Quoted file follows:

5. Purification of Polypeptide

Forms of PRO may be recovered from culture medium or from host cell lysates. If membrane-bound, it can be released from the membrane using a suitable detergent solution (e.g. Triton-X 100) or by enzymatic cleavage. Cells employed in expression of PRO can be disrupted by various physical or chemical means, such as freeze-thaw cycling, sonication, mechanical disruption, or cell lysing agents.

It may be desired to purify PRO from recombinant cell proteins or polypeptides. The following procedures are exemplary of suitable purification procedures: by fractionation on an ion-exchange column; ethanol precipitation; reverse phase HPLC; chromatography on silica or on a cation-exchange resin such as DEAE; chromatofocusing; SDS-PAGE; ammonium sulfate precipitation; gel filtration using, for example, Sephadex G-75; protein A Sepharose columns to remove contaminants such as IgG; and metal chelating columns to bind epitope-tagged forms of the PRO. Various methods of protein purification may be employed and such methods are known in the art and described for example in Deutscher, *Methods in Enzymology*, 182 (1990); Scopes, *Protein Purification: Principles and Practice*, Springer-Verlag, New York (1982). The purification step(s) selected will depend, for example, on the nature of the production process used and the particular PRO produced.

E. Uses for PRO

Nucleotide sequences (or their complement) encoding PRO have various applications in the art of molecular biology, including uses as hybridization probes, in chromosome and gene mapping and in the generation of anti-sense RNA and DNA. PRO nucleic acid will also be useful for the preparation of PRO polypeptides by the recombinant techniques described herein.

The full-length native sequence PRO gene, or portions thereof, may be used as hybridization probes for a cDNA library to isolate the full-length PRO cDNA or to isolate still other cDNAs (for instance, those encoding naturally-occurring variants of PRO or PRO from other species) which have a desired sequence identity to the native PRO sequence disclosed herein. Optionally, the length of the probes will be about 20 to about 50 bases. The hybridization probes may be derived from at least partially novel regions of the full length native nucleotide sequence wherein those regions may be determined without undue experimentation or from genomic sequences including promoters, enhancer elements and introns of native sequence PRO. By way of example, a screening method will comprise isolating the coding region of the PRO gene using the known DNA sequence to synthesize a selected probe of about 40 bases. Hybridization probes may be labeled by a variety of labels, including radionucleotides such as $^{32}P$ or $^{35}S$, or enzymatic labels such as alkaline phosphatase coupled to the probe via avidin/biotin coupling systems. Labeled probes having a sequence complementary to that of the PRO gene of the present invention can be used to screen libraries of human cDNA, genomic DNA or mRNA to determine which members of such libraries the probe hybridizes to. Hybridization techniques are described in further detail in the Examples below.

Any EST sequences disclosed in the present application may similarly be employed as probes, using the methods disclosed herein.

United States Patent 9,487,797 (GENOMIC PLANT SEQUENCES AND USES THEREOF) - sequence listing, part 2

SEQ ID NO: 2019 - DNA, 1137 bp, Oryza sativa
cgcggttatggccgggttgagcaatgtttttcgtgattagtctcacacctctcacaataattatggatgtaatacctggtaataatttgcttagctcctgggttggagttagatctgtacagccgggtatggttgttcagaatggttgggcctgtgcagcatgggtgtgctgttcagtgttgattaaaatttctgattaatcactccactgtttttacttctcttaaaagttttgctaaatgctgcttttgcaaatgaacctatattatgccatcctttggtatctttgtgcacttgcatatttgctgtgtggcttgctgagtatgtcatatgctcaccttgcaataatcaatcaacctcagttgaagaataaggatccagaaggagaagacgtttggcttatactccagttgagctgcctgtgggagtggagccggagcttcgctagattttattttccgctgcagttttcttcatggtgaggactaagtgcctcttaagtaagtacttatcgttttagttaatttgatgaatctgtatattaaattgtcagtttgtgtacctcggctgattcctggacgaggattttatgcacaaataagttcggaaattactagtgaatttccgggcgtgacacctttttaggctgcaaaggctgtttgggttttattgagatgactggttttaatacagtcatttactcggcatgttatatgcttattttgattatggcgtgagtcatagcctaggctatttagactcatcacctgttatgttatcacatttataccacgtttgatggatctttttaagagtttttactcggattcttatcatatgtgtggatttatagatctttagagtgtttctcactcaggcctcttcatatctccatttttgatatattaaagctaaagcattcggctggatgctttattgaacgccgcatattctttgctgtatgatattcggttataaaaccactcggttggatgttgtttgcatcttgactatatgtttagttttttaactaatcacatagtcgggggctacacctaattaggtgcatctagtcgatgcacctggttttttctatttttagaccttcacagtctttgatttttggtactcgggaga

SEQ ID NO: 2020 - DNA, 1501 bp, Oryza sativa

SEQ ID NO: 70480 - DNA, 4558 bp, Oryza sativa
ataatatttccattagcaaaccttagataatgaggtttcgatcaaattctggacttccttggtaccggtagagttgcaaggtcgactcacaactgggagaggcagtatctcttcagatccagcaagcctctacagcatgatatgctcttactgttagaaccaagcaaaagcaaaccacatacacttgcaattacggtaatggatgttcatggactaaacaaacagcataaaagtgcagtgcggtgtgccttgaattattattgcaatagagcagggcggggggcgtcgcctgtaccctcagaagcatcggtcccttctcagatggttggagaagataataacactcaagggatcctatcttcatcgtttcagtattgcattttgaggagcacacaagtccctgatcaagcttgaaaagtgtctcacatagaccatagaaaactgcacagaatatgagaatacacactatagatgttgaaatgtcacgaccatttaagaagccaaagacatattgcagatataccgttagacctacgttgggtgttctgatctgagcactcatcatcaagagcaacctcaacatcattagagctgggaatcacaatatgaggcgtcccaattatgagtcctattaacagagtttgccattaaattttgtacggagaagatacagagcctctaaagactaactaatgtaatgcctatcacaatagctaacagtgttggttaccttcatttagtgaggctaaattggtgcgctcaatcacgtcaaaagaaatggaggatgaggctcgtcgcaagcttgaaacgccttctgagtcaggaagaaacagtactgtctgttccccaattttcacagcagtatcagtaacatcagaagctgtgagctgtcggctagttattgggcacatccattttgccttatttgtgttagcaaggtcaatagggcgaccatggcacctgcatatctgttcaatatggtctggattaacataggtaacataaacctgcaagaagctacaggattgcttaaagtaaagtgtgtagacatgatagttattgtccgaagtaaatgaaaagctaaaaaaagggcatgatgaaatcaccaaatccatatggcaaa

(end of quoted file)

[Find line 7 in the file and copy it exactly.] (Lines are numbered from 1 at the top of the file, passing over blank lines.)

Any EST sequences disclosed in the present application may similarly be employed as probes, using the methods disclosed herein.